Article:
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From growing up in Shantiniketan to winning Nobel Prize: Amartya Sen looks back at his journey

In an interview with The Harvard Gazette, the economist looked back at the last nine decades and what drove him to study the underlying mechanisms of poverty and gender inequity.

By: Express Web Desk | New Delhi |
June 5, 2021 7:53:01 pm
Economist Amartya Sen was awarded the Nobel Prize in Economic Sciences in 1998 for his work in the field.(Express archive photo)

From growing up in a small university town with his grandparents while Japanese forces attempted to invade eastern India during World War 2, to winning the Nobel Prize in Economic Sciences — Amartya Sen’s life until now, has been nothing short of extraordinary.

In an interview with The Harvard Gazette, the economist looked back at the last nine decades and what drove him to study the underlying mechanisms of poverty and gender inequity. Sen traces his progressive outlook back to his upbringing in Shantiniketan.

“I liked the university town atmosphere. I loved the fact that my school was progressive. It was a coeducational school with an almost equal number of boys and girls,” he told The Harvard Gazette.

Recalling his love for bicycling, he said that it was his sole means of transport for several of his long research trips. One such trip in particular stood out. “I studied the Bengal famine of 1943, in which about 3 million people died. It was clear to me it wasn’t caused by the food supply having fallen compared with earlier. It hadn’t,” he said.

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His interest in gender inequality started with a study of the weight of girls and boys in their childhood. He found that while girls and boys were often born the same weight, boys went on to overtake girls as they grew older. He concluded that while girls and boys were probably fed the same amount, the drop in weight of young girls was likely due to a lack of medical care.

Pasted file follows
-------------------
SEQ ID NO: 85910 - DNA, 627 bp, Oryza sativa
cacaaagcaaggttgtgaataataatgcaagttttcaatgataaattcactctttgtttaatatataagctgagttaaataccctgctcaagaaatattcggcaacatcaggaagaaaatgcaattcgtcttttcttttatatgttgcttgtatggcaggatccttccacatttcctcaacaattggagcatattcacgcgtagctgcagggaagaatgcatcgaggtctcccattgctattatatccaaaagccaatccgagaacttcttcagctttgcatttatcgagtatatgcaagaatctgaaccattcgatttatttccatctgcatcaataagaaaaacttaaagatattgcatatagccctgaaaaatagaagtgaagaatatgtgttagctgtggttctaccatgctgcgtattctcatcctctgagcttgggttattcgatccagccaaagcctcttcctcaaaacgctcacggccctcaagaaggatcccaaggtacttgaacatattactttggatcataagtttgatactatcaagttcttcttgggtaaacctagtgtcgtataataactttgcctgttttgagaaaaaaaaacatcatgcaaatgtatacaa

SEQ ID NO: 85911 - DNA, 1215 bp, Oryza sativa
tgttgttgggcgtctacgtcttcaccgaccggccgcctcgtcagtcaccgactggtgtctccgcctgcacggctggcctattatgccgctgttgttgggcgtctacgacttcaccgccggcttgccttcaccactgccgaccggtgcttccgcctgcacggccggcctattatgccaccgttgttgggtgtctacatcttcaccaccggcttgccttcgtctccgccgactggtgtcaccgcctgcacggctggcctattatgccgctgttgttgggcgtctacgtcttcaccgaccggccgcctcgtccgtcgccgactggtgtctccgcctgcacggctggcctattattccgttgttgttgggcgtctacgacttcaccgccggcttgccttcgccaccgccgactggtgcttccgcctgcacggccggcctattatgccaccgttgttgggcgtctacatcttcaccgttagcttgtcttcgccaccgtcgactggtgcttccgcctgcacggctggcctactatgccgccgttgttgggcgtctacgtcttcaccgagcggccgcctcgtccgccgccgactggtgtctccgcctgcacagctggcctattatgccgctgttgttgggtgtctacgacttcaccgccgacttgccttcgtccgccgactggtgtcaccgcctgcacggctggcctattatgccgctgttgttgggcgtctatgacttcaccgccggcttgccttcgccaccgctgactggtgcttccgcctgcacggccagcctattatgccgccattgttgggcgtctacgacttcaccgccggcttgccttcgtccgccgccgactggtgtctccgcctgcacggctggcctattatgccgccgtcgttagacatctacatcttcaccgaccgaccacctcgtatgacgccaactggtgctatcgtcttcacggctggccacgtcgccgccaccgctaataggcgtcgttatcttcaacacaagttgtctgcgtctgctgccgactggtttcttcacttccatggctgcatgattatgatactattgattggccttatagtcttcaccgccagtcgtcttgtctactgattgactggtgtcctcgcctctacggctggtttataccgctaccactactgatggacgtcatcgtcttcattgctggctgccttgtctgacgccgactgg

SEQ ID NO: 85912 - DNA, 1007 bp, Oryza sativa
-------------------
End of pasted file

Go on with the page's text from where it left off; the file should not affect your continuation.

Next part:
When asked what it was like growing up in colonial India when violent clashes were breaking out between Hindus and Muslims, Sen recalled an incident from when he was about 10 or 11 years old: “I was playing in the garden when I saw somebody had come in through the outside gates of our compound, a very stricken man who had been clearly knifed in the back, and he was bleeding profusely.” Sen and his father took the injured man to the hospital, where he succumbed to injuries.

“He was a Muslim laborer, therefore, a prey for Hindu thugs, just as the Hindu laborers were prey for Muslim thugs,” Sen told The Harvard Gazette. The scarring incident later shaped several of his career choices, as much of his research focused on “violence and premature death”.

In a 2014 interview with The Indian Express, the Nobel Laureate spoke extensively about his article on the missing women of India, published in 1990. “The missing women was mainly a question of life and death. That article was based on 1980s’ data but it came out in 1990 in New York Review and the British Medical Journal. That was mainly because of the higher mortality of women than men, girls than boys,” he said. “But, in fact girls should have lower mortality. Has that discrimination stayed the same now? No, it’s gone down quite a bit.”

Speaking about the impact of Calcutta on his intellectual life, Sen recalled his days at Presidency College. “The college, the coffee house, the hostel and the neighbourhood were very fascinating to me. I was coming from Shantiniketan, and Calcutta, the urban town, had a sense of mystique for us.”

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First published on: 05-06-2021 at 07:53:01 pm
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